6 Tips to Get Your Lawn Winter-Ready
With warm-season turf like Bermuda and Zoysia going dormant, many homeowners look forward to a well-earned break from the mower. While it’s true that your Atlanta lawn care routine becomes more manageable over the winter, it’s also important to remember some key things you need to do to ensure your lawn bounces back when spring arrives. Here’s our winter lawn prep checklist:
- Don’t Let Leaves Pile Up: Number one on our list this time of year is keeping your lawn free of leaves. Allowing leaves to pile up on your grass can smother your lawn from lack of light and air, deplete your soil of nitrogen needed for healthy grass, and even breed disease. It’s best to use a blower to clear your yard, since rakes can cause damage to your turf. You may even want to consider recycling the leaves into a compost that you can use in your garden next spring.
- Winterize Sprinklers: The best way to protect your irrigation system from damage this winter is to take precautionary measures now. Remove water from its pipes, valves, and sprinkler heads to prevent it from freezing in there, resulting in burst pipes which can create a major headache and expense. Many newer systems have automatic drainage features, but some may require a manual drain.
- Clear Your Lawn: After a fun-filled summer and start to fall, you may have some lingering toys or Halloween decorations ornamenting your yard. Remove any of these items, as well as sticks and other debris. You want your lawn to be clear for the winter, as anything sitting on your grass will compete with your turf for sunlight and nutrients.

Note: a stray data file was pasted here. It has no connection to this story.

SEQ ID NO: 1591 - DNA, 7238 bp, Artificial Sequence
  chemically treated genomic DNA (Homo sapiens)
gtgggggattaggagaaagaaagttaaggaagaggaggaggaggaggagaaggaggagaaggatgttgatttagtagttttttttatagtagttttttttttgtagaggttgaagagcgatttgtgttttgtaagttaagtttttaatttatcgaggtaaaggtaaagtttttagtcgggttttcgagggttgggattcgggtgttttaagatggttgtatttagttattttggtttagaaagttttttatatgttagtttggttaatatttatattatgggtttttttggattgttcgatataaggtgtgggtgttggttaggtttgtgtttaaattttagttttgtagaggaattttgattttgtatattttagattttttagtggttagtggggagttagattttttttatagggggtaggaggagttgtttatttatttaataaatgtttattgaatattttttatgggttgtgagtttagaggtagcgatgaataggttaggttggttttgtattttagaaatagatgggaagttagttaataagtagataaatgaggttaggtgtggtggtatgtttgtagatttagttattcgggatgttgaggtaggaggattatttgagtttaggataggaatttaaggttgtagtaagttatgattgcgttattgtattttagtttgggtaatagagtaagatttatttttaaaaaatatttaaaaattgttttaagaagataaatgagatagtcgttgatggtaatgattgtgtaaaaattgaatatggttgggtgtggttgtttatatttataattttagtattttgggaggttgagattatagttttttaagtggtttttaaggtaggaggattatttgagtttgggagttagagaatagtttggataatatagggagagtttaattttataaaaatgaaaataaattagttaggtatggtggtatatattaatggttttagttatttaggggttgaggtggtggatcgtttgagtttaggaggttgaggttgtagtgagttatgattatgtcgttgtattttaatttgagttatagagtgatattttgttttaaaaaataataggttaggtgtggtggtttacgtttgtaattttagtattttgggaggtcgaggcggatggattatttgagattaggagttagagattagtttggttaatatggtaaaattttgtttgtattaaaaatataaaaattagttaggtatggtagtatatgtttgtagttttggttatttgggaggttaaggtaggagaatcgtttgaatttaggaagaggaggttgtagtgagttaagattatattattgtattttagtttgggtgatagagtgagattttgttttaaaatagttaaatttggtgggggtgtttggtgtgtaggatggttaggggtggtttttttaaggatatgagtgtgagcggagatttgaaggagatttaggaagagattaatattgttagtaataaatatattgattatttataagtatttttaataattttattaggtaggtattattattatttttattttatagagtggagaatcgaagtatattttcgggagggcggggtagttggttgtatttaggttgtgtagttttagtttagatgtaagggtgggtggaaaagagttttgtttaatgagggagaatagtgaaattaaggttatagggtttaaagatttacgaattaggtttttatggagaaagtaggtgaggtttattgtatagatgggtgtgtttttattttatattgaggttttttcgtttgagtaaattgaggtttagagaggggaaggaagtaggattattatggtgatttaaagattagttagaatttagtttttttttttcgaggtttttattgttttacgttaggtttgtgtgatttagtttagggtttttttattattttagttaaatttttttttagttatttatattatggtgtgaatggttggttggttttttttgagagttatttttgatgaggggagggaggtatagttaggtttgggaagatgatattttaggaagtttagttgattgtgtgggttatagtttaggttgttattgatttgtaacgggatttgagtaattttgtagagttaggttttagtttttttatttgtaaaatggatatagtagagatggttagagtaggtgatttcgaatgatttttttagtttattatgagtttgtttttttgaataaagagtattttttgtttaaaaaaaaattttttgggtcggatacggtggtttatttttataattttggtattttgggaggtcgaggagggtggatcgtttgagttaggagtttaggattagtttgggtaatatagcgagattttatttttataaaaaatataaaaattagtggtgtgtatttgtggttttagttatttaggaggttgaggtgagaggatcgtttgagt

- Tree and Shrub TLC: Now is prime time for cleaning up and feeding your ornamental trees and shrubs so they can cope with winter conditions. Unruly or weak branches may pose a risk when it ices; trimming them back will promote better growth in the spring. Sign up for your fall fertilization application to keep your plants well fed through winter for better blooms come spring.
- Replenish Bare Patches: Fall is a great time to feed and restore your lawn, but your window of opportunity is closing. If you have cool-season turf, we hope your aeration and overseeding has been completed. Thinned areas should be seeded weeks in advance of our first deep frost to give seedlings a chance to get established. When overseeding, be sure to keep the new seed consistently moist for three full weeks.
- Continue to Treat: Some people try to save money by cutting back on lawn care during cooler weather, but winter applications are essential to a lush spring lawn. It’s important to continue your lawn service even when warm-season lawns enter dormancy, as we are applying pre-emergents that will prevent weed growth in coming months.
Once you’ve checked these off your yard to-do list, it’s time to kick back and relax for a while in the lawn care department, knowing you’ve done all you can to keep your landscape healthy through the winter.